The bond buyback plan that Greece announced today should make most people who have a stake pretty happy. The country will use €10 billion ($13 billion) to buy back some of its bonds for 30-40% of their face value (paywall)—this being all they are worth in the secondary market—but investors who sell their bonds back to Greece will get higher quality bonds issued by the EU bailout fund.
That’s good news for those desperately praying that the euro-zone will remain whole. And hedge funds that bought the debt back when it was even cheaper can still hold on to it in the hopes of one day getting paid back in full. But euro-area banks that bought it at face value are grinding their teeth.
As Greece was about to default, euro area banks wrote down the value of any Greek bonds they had. Today, Greek banks hold an estimated €15 billion (at present value) of Greek debt. Other euro area banks are believed to hold about €5 billion.
Now as the euro-zone economy contracts, more people and businesses are failing to repay loans, and so European banks have been pressured to maintain healthy credit profiles. At the same time, European leaders are demanding that banks hold more, high-quality capital in reserve at all times. The result has been that European banks are strapped for cash, and those in worse financial shape (Greek and Spanish banks, for instance) feel the pressure even more acutely.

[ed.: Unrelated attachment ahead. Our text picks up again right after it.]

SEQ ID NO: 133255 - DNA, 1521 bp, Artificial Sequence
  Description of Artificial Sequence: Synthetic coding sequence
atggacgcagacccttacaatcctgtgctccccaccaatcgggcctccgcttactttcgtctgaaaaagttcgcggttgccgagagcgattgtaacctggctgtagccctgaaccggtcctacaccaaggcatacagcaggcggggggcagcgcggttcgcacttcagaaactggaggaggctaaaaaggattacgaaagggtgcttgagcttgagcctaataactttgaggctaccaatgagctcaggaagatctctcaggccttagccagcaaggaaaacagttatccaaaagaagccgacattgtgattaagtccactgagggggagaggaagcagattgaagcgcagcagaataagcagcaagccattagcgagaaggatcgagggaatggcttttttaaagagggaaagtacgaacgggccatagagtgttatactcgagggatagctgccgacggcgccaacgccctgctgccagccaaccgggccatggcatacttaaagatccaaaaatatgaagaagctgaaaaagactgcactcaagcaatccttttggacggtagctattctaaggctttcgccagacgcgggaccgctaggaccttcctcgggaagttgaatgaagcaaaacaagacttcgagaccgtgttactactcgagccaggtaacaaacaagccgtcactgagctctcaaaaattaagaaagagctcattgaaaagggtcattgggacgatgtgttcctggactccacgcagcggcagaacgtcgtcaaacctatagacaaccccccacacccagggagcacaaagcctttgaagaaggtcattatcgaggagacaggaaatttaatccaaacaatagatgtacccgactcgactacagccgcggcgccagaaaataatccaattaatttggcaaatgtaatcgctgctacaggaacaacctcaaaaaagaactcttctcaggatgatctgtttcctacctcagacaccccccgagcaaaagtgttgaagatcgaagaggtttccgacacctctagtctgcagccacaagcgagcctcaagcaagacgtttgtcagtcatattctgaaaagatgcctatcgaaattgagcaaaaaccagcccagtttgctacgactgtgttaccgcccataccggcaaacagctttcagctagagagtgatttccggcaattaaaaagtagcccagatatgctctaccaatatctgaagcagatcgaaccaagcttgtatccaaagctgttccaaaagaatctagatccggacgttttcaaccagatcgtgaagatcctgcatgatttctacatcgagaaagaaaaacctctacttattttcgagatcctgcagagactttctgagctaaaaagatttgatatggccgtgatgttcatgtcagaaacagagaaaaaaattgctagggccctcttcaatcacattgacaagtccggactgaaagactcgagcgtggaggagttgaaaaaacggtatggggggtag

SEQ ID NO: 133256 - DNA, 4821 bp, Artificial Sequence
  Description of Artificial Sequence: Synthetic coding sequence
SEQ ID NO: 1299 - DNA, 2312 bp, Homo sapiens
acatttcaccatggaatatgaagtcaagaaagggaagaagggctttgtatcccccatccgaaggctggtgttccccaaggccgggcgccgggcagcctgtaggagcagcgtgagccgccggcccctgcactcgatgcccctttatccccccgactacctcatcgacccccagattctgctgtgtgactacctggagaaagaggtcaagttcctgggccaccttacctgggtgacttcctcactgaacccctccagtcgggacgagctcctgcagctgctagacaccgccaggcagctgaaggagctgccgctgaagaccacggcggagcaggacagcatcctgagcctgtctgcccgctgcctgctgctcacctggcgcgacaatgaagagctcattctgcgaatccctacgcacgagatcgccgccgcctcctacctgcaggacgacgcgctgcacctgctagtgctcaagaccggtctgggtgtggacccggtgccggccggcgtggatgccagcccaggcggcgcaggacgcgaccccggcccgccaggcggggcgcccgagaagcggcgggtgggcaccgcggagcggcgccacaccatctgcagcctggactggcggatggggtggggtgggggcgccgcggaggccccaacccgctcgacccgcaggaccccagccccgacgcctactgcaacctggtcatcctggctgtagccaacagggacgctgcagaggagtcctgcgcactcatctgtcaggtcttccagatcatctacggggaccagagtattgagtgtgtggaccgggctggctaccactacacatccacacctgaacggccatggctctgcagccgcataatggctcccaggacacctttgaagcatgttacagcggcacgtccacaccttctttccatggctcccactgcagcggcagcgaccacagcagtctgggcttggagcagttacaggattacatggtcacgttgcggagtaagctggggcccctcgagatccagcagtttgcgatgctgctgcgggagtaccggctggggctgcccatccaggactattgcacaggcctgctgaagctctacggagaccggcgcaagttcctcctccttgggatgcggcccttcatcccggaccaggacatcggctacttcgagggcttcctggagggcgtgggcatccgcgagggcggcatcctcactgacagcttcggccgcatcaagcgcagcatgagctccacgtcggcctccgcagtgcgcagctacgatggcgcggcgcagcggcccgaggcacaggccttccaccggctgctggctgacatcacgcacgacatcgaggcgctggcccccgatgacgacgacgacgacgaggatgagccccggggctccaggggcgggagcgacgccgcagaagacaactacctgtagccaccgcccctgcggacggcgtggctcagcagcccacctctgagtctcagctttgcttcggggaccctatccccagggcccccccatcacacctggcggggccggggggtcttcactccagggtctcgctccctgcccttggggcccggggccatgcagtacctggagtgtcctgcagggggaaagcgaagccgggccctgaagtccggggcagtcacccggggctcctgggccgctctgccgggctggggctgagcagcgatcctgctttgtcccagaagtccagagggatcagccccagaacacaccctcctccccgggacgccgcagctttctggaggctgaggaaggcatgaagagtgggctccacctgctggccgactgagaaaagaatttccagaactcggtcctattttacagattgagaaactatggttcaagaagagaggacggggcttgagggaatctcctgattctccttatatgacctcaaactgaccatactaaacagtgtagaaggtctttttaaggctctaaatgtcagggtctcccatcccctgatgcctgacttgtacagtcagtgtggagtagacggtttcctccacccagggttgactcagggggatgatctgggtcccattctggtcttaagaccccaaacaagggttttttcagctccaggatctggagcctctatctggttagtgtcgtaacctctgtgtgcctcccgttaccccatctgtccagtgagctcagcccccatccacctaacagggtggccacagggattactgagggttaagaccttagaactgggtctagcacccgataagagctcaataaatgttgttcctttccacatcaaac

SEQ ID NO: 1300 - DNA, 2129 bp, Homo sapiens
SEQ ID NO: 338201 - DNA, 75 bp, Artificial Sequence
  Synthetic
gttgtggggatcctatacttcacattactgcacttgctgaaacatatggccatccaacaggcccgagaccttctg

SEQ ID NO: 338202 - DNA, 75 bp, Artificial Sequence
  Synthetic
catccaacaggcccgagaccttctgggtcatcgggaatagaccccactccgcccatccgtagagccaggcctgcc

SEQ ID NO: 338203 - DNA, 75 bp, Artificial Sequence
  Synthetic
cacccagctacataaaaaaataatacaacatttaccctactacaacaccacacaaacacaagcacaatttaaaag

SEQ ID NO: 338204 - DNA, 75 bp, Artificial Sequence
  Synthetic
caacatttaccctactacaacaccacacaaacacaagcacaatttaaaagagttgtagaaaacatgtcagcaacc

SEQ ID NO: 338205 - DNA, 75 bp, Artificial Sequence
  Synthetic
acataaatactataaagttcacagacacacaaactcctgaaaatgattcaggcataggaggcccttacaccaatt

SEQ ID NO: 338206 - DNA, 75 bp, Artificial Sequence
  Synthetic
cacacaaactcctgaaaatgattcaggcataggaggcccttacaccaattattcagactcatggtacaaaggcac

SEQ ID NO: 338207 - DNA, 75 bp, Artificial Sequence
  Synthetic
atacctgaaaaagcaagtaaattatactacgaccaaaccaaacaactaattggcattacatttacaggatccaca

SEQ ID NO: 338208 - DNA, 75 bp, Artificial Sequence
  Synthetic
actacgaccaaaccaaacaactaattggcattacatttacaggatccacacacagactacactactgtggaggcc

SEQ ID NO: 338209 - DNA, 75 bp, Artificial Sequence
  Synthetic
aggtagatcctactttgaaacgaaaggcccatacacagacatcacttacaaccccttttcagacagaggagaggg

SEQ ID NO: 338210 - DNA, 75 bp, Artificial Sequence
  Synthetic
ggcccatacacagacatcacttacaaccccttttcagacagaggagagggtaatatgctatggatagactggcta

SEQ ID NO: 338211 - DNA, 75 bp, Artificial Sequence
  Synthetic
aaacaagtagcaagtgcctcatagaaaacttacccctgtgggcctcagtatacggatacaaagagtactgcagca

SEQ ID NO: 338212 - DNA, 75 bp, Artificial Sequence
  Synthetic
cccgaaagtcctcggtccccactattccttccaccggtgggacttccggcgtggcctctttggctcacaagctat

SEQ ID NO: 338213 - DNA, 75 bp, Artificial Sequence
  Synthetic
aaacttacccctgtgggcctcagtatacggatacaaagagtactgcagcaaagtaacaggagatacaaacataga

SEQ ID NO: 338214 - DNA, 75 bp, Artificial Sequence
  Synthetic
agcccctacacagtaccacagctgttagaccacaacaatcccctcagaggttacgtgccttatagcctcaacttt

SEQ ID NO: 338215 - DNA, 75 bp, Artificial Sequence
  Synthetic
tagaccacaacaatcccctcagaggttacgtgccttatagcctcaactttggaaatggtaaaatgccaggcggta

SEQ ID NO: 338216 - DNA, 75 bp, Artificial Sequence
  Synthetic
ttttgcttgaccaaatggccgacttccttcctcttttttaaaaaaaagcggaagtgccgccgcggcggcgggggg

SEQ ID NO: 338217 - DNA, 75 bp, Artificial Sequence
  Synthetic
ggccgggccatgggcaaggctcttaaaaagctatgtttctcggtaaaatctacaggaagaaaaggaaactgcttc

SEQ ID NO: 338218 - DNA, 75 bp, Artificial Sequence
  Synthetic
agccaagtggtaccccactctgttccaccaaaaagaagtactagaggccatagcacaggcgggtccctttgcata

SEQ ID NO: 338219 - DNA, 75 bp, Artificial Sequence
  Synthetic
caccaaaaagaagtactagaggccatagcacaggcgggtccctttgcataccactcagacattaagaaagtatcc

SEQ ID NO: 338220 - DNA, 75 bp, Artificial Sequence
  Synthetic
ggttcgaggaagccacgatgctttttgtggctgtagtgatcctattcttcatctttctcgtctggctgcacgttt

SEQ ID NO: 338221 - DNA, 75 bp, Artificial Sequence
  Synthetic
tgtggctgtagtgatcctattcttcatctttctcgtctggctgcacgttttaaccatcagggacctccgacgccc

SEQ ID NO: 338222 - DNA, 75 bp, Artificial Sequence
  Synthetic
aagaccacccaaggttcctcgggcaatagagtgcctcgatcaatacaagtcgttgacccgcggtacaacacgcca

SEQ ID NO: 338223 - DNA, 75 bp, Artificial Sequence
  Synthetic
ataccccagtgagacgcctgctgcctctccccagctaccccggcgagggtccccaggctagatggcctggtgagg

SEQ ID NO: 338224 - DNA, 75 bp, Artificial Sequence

Hence the ploy: European leaders are betting that their new regulations will lure euro area banks to cut their losses even further on Greece. By promising them €0.30-€0.40 per dollar today, while they’re tight for funds, versus the full value of those bonds tomorrow, EU leaders are hoping that banks—and particularly Greek banks—will take the fall for the country, by trading in their poorly rated bonds for securities that look better on their balance sheets right now.
In other words, don’t think about the Greek bailout simply as other governments piling in to soak up the cost. Rather, think of it as them finding ways to spread the cost around the economic system—and the banks as a particularly easy target.
Needless to say, Greek banks aren’t too happy about the plan. “We…don’t want to be the suckers and lighten up our positions and have other people hide behind the curtains,” says Petros Christodoulou, Deputy Chief Executive Officer for the National Bank of Greece. “This is going to give us a short gain up front but penalize our profitability going forward.”